Summer is in full swing, and with Italy currently in the midst of a full blown heatwave, here is an idea from southern Italy that will help you beat the heat...
Brioche Gelato Burgers!
More and more popular in Sicily, Puglia and Calabria, the trend is catching on. In the last several years, the sweet, glossy brioche bun has gained popularity in the States, used as the go-to bun for burgers and sliders. But the sweet, soft crumb of the classic brioche also pairs well with gelato (OK, and ice cream, too). Grilling the sliced brioche helps raise the flavor a notch. Toppings or spreads can include, crushed pistachios or sliced almonds, Nutella, Pirouettes crackers, almond biscotti crumbs, whipped cream or zabaglione, or a smear of almond paste. How about a trio of gelato sliders? To add crunch, tuck a pizzelle inside!
You know, I always thought I'd have a problem eating weird things if I ever traveled in the Orient. I'm a person with a fairly narrow palate... I admit it. Even my 14 year old, Lucas has a much broader palate than I do. I like what I like and won't try what I know I don't like. I'm old enough to say that I have tried lots of stuff--for instance, I hate caviar and cooked spinach makes me gag. I know what I can't stomach. In my research and travels about Italy, I've come across things that I wouldn't eat if you paid me. Some things I'll try--once--while others... well, you just sort of know to stay clear.
Still, we have to respect the culinary traditions of our Italian heritage and try not to be so grossed out by it. Food is fuel--fuel is food. In Italy, nothing goes to waste--not beast or flora. So, I hope you pardon me as I poke a little fun at some of Italy's oddest culinary creations--even though I may tease a bit, I still want to honor the complexities if la Cucina Italiana...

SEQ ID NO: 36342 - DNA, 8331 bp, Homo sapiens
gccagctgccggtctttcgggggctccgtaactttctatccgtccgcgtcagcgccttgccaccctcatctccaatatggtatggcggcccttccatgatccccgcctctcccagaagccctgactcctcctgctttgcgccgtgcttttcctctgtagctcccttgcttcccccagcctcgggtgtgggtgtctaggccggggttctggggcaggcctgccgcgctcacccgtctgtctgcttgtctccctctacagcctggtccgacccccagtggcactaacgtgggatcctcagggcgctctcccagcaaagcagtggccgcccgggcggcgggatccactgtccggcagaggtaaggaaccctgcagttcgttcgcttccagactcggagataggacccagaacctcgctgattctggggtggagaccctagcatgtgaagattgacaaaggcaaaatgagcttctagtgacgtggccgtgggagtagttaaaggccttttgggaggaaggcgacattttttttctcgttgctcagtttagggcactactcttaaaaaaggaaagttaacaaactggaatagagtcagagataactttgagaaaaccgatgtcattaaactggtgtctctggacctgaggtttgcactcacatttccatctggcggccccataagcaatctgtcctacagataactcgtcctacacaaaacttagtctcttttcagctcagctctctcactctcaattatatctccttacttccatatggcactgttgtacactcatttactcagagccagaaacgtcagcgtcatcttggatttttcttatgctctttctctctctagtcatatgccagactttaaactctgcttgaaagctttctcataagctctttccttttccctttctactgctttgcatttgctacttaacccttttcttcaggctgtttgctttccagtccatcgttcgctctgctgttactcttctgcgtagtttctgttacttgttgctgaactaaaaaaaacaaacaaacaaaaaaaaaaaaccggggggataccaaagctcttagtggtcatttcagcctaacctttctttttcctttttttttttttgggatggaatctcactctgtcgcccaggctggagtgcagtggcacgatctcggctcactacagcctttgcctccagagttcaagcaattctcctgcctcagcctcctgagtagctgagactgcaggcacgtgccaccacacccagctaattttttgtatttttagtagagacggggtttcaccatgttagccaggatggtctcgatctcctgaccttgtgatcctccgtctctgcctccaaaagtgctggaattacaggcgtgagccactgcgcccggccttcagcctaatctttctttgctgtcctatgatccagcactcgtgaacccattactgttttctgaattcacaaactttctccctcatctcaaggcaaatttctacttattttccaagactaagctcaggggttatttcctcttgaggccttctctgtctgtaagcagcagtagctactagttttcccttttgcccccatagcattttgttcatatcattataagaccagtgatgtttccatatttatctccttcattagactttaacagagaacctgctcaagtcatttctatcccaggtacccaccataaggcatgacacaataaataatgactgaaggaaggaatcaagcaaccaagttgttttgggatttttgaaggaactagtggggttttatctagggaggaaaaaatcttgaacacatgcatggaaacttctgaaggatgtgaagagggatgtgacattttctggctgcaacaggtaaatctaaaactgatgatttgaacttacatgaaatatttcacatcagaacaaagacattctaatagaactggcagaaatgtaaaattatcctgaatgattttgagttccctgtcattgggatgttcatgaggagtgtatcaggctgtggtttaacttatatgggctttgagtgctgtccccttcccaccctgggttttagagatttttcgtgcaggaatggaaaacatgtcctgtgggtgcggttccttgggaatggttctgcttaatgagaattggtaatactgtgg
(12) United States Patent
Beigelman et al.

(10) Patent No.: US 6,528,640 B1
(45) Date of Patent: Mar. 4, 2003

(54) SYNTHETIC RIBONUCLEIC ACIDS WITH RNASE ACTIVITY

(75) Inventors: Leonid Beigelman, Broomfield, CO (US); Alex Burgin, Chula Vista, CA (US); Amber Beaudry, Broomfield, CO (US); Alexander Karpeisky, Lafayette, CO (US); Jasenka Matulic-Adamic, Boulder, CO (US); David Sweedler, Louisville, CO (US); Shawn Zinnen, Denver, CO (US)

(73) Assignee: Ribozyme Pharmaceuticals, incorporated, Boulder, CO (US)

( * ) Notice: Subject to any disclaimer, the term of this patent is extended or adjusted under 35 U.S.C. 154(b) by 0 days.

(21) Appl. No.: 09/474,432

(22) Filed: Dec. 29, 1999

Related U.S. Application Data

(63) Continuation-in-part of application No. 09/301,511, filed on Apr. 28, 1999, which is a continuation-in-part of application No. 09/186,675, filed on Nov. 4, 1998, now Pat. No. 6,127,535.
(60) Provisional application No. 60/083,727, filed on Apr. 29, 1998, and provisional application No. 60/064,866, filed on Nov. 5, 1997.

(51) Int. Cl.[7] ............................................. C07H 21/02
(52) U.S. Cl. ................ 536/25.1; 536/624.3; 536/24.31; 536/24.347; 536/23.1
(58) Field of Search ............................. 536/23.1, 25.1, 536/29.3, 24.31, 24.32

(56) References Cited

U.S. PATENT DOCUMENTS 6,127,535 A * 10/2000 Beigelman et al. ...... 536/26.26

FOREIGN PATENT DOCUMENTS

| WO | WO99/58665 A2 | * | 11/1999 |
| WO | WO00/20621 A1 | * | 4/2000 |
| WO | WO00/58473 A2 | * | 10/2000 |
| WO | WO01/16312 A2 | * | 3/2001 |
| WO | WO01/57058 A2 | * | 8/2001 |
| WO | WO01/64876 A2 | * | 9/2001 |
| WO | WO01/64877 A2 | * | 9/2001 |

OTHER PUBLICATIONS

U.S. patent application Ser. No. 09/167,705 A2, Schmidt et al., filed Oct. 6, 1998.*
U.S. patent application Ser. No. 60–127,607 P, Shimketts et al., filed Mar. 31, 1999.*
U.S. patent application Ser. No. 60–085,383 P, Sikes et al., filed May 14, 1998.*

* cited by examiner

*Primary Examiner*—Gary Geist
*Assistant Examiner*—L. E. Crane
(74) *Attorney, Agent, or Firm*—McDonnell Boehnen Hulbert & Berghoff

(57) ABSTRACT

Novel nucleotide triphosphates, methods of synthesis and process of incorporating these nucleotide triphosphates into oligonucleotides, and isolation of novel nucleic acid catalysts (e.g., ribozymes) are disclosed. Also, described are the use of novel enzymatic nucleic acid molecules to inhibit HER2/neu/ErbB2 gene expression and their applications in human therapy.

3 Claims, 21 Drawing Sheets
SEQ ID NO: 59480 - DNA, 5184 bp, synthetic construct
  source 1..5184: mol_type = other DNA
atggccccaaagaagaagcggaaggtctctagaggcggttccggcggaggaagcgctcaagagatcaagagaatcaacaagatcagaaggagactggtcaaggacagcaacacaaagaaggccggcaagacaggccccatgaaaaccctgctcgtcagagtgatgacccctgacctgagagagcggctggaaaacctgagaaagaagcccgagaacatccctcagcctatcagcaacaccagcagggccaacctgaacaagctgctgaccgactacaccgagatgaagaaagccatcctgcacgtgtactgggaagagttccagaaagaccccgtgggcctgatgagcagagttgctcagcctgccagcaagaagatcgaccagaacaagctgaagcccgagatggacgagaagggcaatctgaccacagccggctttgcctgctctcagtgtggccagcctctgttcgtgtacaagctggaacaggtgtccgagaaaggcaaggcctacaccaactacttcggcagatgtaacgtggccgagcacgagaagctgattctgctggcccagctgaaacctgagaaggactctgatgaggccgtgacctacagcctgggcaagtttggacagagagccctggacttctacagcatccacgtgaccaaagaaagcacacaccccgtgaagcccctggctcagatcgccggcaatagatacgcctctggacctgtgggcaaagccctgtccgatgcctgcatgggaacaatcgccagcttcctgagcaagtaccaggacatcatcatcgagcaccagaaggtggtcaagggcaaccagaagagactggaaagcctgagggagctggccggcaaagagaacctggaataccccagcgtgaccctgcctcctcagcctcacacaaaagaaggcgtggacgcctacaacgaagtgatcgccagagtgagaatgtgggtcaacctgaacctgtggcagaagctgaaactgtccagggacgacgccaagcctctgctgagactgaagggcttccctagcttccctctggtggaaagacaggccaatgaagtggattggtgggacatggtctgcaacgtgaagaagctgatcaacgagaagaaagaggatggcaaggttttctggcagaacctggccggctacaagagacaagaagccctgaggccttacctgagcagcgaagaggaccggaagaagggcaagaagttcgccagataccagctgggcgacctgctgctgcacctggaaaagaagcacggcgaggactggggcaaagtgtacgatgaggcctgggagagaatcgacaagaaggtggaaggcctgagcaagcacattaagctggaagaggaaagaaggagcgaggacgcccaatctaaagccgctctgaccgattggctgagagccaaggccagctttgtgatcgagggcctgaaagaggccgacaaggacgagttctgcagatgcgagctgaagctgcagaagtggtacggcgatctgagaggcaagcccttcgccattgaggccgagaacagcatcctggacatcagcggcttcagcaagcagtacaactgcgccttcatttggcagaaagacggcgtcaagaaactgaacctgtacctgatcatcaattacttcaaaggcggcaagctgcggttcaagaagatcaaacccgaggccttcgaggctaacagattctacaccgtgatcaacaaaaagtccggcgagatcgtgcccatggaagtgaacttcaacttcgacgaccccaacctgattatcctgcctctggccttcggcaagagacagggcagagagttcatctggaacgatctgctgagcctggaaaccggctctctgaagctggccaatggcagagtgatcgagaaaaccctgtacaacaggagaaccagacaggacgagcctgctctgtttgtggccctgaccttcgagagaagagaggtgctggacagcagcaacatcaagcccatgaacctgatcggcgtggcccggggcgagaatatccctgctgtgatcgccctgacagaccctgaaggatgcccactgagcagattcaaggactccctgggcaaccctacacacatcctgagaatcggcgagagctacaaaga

In ancient Rome peacock eggs, boiled ostrich
and stewed parrots were common on menus.
There is a protected, fluffy tailed species of dormice (Glis glis or Ghiro) that have been eaten since the days the Caesars ran things. Down in Calabria the rodents are still stuffed and chomped on. They are stuffed with meat, nuts, raisins, onions and spices. You can imagine little squeaks as you take a bite. I have no idea what they do with all those cute fluffy tails.
Ghiri alla pizzaiola :
Ingredients : . 2 Ghires, 50 g of lard, 50g of pancetta, gr 600 gr peeled tomatoes, 1 tablespoon of chopped parsley, 1 tablespoon of oregano, 1 tablespoon extra virgin olive oil, 1/2 teaspoon of salt
Engage the dormice lengthwise, peel them, quickly remove the bladder without
breaking it and leave it in running water for a few hours.
Rinse them and blanch in boiling water for a couple of minutes.
Chop the lard and the bacon and put the mince in the belly of the dormice.
Place them in a large pan, pour the oil and cover with chopped tomatoes,
parsley and minced garlic, oregano and salt.
Cook over moderate heat, keeping the pan tightly closed with the lid.
Riccota Forte (or Scanta)
The Pugliese are a resourceful bunch. I know--mu Dad was from Puglia. Many of you may know that ricotta means twice cooked or re-cooked... basically, ricotta is a by-product of normal, everyday cheese making. You take the little bit of whey left over, add an acid, boil it and presto, you have ricotta cheese. It's a fresh cheese and should be eaten within a couple of days. When it dries out, the frugal Pugliese add salt, and let it dry even more into Ricotta Salada (one of my favorite cheeses).
But some go even further. Some just let it go bad... and stinky... and acrid, turning it into a Apulian delicacy called Ricotta Forte, or Scanta. Many think this acrid, foul smelling cheese is worse than any other stinky cheese they've even eaten--but in a good way. We tried it during our stay in trullo B&B outside of Alberobello. Yes, it stinks, and our host told us how it's just kept in a dark, un-refrigerated place (under his sink) to grow more bacteria and even sometimes microscopic worms--but we actually liked it! (But it did burn my eyes a tad).
It's the kind of taste that shocks your eyes open, assaults your nose but somehow in the end pleases your palate. It's also a surprise when you are first introduced to it in a plain jar that looks like it's your Aunt's 1950s era home brew face cream.
Enjoy. (Oh, just don't get it on anything sweet... I got it on some Nutella and bread by mistake and nearly got whiplash when I popped it in my mouth.)
Casu Marzu or Formaggio Marcio
(Rotten Cheese), with Maggots